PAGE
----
Bulls lose in Toronto
"Same story that we do most of the games we lead at halftime or going into the third quarter. You’ve got to figure out how to stop doing that." - Zach LaVine
Remind Me Later •
It was yet another halftime lead that slipped away in the third quarter leaving the Bulls in what is all too familiar territory.
With 7:15 remaining Sunday in what would be the Bulls 129-102 loss to the Toronto Raptors, Thad Young closing out his best game as a Bull by trying to take a charge may also have closed out his Bulls career. The official signaled the offense foul against surprising Raptors high scorer Terence Davis. Raptors coach Nick Nurse, who will coach the East All-Stars in Chicago later this month, bounced up to challenge the decision. His objection was accepted and Young was dismissed from the game with his sixth foul after scoring a team-high 21 points.
With the NBA trade deadline, Thursday before the Bulls play their next game, that may have been the last the Bulls see of Young. Or perhaps Denzel Valentine, Kris Dunn, and Tomas Satoransky. Or that when play resumes in the United Center Thursday against Zion Williamson and the New Orleans Pelicans, they all might be there again for what they hope will be a run for the playoffs despite dropping to a season-worst 14 games under .500 at 19-33.
"I will handle it appropriately with the information that is out there," Bulls coach Jim Boylen said about addressing trade speculation in this final week of NBA trading. "I'm always honest and direct with our guys with what is going on. So if there's a moment when that needs to be done I will do it."
Though trade rumors have been limited around the NBA, especially in the wake of the recent deaths of former commissioner David Stern and last week Lakers legend Kobe Bryant, Young's name has come up most often among Bulls players because of his veteran experience and savvy. Young is starting now with Lauri Markkanen injured and out about a month with a pelvic stress reaction.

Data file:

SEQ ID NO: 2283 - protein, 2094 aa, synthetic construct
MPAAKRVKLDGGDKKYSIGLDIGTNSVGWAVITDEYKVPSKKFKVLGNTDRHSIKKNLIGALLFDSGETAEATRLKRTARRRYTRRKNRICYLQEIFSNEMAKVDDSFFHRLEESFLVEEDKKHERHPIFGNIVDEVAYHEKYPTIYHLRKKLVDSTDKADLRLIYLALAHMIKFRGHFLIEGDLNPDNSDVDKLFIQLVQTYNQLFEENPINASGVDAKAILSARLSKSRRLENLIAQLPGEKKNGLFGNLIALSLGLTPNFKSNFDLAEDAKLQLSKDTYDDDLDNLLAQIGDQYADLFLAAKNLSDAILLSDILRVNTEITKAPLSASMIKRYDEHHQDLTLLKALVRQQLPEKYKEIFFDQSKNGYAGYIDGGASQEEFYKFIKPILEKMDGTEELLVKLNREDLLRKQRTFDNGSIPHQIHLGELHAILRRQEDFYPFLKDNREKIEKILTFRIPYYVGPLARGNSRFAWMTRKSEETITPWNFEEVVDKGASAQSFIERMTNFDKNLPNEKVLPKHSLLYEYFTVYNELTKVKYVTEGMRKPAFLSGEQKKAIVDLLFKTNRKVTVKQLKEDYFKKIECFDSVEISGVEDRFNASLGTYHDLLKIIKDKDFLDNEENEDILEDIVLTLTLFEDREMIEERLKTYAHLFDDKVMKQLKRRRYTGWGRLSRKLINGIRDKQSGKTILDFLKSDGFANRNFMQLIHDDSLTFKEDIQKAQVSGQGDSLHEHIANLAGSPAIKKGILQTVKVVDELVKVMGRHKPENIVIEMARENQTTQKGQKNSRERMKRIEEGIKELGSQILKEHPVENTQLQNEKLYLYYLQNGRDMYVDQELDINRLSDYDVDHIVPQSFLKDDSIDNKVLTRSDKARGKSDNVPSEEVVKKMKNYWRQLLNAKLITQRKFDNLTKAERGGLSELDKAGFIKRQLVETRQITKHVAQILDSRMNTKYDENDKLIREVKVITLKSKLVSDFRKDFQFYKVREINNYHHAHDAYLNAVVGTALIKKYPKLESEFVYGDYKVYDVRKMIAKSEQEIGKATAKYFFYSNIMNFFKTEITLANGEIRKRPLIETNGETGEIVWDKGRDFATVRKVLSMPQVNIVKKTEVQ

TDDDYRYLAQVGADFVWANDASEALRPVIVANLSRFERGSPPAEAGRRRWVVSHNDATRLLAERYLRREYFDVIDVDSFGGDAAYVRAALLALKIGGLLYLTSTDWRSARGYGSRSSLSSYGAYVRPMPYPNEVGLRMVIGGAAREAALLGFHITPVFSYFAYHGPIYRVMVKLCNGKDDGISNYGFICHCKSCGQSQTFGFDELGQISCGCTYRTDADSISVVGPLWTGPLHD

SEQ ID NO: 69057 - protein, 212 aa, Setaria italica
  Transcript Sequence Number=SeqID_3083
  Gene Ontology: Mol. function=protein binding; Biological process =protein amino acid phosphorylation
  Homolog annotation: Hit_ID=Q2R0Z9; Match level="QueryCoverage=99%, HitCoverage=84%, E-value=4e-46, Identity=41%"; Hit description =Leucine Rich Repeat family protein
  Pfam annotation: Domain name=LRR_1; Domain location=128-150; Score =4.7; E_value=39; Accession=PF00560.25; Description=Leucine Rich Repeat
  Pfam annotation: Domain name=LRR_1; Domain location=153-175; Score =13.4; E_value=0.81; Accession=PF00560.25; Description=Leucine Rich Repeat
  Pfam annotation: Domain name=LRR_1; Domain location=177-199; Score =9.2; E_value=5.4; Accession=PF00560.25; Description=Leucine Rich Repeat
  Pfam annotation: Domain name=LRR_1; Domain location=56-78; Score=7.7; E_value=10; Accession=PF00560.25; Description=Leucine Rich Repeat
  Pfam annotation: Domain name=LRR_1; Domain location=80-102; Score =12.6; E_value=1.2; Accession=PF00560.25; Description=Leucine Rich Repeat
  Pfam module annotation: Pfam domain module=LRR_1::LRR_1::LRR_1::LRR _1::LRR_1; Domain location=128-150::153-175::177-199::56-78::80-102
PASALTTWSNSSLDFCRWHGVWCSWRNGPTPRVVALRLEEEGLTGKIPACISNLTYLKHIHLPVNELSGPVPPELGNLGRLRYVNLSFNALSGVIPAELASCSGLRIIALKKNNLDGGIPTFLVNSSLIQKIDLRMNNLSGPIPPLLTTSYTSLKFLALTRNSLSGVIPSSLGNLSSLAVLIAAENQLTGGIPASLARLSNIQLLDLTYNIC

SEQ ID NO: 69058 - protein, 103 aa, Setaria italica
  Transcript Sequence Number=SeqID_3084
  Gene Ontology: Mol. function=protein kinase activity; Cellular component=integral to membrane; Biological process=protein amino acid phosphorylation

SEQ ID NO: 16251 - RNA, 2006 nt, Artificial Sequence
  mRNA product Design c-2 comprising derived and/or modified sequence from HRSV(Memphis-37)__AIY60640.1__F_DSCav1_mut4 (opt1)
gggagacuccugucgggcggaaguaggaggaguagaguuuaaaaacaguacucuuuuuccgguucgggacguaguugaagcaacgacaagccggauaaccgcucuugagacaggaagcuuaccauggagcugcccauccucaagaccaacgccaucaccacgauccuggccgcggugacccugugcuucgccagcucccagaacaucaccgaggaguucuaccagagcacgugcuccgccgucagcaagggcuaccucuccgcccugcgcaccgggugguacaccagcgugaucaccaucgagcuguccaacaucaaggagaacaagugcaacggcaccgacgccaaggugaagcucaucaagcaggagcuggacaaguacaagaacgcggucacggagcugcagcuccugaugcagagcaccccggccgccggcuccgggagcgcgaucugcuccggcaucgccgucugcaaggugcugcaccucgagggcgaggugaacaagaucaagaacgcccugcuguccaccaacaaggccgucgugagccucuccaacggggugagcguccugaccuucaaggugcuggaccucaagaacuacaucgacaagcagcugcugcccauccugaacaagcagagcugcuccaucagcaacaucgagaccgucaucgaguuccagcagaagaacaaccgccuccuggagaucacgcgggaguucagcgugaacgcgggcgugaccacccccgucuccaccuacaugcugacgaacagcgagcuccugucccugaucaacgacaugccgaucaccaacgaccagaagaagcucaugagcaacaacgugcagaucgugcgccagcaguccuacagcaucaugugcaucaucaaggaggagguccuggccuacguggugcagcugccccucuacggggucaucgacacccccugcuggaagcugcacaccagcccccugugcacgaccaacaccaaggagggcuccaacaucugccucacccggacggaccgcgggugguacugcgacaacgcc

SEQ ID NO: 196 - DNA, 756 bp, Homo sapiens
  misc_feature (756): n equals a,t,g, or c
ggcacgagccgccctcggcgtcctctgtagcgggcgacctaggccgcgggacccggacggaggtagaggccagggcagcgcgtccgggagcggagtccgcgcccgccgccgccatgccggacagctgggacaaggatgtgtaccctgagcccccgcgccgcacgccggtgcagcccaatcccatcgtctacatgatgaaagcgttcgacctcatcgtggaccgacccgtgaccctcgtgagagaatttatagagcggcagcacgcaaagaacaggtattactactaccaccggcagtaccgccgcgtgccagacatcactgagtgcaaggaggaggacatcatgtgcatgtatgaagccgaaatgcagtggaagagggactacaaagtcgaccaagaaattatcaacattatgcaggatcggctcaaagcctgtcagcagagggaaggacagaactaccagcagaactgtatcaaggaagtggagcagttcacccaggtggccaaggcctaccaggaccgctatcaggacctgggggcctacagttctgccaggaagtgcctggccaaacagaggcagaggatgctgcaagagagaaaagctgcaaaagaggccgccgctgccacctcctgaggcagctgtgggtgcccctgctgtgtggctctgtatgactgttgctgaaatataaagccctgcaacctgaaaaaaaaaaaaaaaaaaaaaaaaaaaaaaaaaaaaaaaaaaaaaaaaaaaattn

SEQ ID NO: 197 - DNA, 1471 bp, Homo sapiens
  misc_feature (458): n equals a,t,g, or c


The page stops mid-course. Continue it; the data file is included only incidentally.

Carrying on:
But Markkanen will return and remains the Bulls future at power forward. Otto Porter Jr. and Wendell Carter Jr. likely will return after the All-Star break. The Bulls haven't disclosed yet Dunn's status after his knee injury in Brooklyn Friday. He returned to Chicago for tests and didn't play Sunday in Toronto.
Despite a devastating second-half collapse once again after the Bulls led 63-60 at halftime, Young was at his best making nine of 12 shots and three of five threes, equalling Zach LaVine for a team-high with seven rebounds and adding two steals. Young has scored in double figures in the last six games, all starts. He's averaged 12.7 points on 56 percent shooting, close to his career averages after he's been somewhat misused as a standstill perimeter player most of the season.
Which is why there have been reports that several teams have been scouting the Bulls with interest in the veteran. Young earlier this season expressed a desire to play more. But he has been loyal to the organization after signing a three-year free-agent deal.
"I understand it's a business," Young said recently. "If I'm traded, I have to go. If not, then I'm here with my brothers, my teammates and ready to fight. My focus is on playing for the Bulls and helping us get some wins. If they have to make a business decision, I understand."
Which makes this is a crucial week for the Bulls.
They're still only three and a half games out of eighth in the Eastern Conference with the eighth-place Orlando Magic slumping and Kyrie Irving with a knee sprain for the seventh-place Nets four games ahead. One good week with the return of Markkanen, Porter, and Carter could change all that. Though the Bulls Sunday just did drop to 1-20 against teams with winning records, suggesting perhaps structural issues.